Pages InformationWriter Jogye Date24 Jan 2019 Read6,274 Comment0
Love, Another Name for Miracle
Hyeanwol (Dharma Name) Seonghui Hwang
Opening my eyes slowly, I wondered, is this a dream? It was still dark outside my window, and The Lotus Sutra was opened in front of my eyes. As though grasping at straws, I recited the sutra, but the hardening of my swirling heart wouldn’t subside. I called out to the Bodhisattva of Avalokiteshvara, or Great Compassion, summoning all my might. Filled with the strong desire to endlessly deny my poor ragged self, I hollered out, “There is no ‘I’. There is no ‘I’. There is no ‘I’.” What exactly am I, this I who is perpetually shivering all over? Why is living so dreadfully hard and painful? Without any cushion, I sat on the bare, dark floor, filled with determination, and murmured the chant, “What am I?” although I knew there would be no shortcut to answering such an inquiry. Soon tears rolled down and wet my face and collar, though I felt no dampness.
Then, all of a sudden, it came to me. The completeness and serenity that had never been felt before that moment, came to me. I realized that all is one, and even “I” am “love” itself. There was nothing. My body, overwhelmed by all its pain and sorrow just seconds before, and its resident spirit, simply and abruptly, vanished.
By dawn, I was one with the sound of waves from the ocean near my house. I was no different from the round pebbles on the beach, howling and rolling through the rough water. My affliction vanished, as well as all thinking and sensations. There was no ‘I’. It was a void of darkness, but it was filled with a sense of warmth that can’t be explained in words. The abundance in the emptiness was speaking to me, “You simply are. The way everything is, is simply complete. It has always been here and will always be here. Your role here is just to love. Love and love again.”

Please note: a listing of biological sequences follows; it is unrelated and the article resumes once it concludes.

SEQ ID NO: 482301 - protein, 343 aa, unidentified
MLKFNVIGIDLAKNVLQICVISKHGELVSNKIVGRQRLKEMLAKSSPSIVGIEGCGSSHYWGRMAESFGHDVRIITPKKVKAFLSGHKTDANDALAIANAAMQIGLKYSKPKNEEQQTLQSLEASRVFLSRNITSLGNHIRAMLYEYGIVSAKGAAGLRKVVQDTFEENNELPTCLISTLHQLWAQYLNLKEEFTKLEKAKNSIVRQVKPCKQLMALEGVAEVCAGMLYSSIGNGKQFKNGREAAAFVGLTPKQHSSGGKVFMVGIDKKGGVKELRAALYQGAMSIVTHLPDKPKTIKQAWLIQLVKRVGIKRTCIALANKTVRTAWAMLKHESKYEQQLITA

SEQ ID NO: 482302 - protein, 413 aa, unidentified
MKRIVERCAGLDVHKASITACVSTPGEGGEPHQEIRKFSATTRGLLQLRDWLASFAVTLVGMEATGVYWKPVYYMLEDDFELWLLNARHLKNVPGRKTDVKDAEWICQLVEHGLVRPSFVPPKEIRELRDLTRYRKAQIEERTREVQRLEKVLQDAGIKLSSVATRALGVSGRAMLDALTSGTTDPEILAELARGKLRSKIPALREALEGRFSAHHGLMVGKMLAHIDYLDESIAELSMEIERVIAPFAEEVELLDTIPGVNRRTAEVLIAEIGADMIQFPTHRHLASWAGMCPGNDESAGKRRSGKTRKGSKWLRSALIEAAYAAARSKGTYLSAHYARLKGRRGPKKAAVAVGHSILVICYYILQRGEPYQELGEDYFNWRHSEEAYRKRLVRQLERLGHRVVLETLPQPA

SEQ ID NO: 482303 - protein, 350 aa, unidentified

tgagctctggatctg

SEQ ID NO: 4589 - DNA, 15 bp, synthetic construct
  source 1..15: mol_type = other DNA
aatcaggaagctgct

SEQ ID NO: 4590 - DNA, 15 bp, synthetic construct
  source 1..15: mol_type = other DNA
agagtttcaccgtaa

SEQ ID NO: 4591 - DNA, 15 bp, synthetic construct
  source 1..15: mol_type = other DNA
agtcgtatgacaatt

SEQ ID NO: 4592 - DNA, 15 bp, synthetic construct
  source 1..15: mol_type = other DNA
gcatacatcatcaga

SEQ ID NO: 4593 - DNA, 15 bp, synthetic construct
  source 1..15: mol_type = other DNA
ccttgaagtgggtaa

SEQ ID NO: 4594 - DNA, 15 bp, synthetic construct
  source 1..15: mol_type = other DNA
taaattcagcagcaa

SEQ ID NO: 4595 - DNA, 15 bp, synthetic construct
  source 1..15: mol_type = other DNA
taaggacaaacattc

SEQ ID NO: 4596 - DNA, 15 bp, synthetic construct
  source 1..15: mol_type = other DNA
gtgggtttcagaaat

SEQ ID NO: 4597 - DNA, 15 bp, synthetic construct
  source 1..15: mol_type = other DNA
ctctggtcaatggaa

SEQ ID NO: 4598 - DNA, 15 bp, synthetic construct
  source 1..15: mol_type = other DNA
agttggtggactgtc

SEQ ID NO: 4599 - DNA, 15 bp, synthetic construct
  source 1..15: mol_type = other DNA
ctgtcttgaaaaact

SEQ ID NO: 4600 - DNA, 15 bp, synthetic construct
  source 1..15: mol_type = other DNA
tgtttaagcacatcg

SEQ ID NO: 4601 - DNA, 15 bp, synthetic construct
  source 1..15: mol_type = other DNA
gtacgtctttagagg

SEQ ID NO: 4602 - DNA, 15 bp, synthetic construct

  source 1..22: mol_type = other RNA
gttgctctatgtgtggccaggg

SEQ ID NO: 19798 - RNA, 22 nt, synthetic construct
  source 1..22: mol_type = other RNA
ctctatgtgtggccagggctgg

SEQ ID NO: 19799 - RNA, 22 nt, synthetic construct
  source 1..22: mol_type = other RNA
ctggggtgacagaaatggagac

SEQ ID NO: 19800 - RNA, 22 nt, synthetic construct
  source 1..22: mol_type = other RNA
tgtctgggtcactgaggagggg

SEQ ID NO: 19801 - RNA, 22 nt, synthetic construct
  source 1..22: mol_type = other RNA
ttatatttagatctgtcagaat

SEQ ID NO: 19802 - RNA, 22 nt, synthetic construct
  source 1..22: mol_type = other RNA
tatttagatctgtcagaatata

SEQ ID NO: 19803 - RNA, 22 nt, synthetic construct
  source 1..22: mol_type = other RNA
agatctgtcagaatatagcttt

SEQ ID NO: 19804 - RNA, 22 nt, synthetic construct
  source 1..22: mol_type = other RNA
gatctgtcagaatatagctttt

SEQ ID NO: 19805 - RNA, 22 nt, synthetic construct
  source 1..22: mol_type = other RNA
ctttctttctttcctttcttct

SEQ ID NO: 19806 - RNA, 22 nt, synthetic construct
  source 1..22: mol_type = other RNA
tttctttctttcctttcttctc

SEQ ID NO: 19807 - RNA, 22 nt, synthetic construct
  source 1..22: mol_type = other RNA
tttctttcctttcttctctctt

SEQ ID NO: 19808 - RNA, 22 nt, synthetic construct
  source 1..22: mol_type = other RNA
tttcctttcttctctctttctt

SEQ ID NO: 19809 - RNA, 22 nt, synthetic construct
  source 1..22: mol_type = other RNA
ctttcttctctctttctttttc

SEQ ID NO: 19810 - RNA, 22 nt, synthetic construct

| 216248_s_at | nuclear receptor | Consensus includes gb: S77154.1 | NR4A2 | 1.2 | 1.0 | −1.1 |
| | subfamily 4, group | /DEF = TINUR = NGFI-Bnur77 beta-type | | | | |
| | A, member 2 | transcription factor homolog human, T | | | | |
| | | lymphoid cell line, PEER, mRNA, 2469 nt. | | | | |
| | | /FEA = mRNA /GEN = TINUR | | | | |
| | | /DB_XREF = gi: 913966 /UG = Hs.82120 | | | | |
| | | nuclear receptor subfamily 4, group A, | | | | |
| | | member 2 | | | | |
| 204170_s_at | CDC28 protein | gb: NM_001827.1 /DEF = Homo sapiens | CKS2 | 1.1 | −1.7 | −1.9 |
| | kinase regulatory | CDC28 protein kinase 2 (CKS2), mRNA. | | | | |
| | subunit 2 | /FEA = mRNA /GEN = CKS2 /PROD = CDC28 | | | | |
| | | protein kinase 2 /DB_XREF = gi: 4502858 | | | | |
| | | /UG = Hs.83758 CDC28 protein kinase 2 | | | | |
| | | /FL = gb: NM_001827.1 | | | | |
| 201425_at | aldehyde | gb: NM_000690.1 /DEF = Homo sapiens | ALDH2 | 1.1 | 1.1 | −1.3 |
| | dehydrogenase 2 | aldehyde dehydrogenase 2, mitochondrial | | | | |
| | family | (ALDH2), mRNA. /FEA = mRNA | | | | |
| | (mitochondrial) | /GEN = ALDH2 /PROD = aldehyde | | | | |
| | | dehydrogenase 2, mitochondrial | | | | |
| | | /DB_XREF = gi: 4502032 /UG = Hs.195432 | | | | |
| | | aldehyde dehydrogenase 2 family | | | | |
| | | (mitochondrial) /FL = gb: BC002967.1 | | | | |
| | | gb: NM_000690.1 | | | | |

Someone was listening to my mind, although I had spoken no words. At that moment, I realized that I came here to love, my simple existence is lovable, and all beings are equal. Rising from the dark room, I headed to the beach, where the tiny round pebbles were being eroded. The far-off fishing boats affectionately scattered shimmering light onto the dark ocean at dawn. A lamp in a deep corner of my mind turned on and shone brightly. A few days before, the phone rang in the midst of a busy day. Hearing the noisy ring, I glanced at my phone; it was from the Banyawon Center. My heart sank instantly. There were two more missed calls from them already. It seemed urgent, but I ended up returning the calls late, excusing myself, saying I’d been busy.
I have always been a sinner. Leaving my 26-year-old daughter, who has the intelligence of a two-and-half-year-old, at a facility for the disabled, I am a sinful mother, filled with remorse and shame, wandering through the vicinity of the living. I feel sorry that I have left my helpless child, who can’t do anything by herself, in the hands of the institution. I feel sorry that I haven’t been able to go and see her often. Most importantly, I am sorry that I have given her a body in such a state, yet am unable to be with her and play with her all the time. I always feel like a criminal, mortified and remorseful.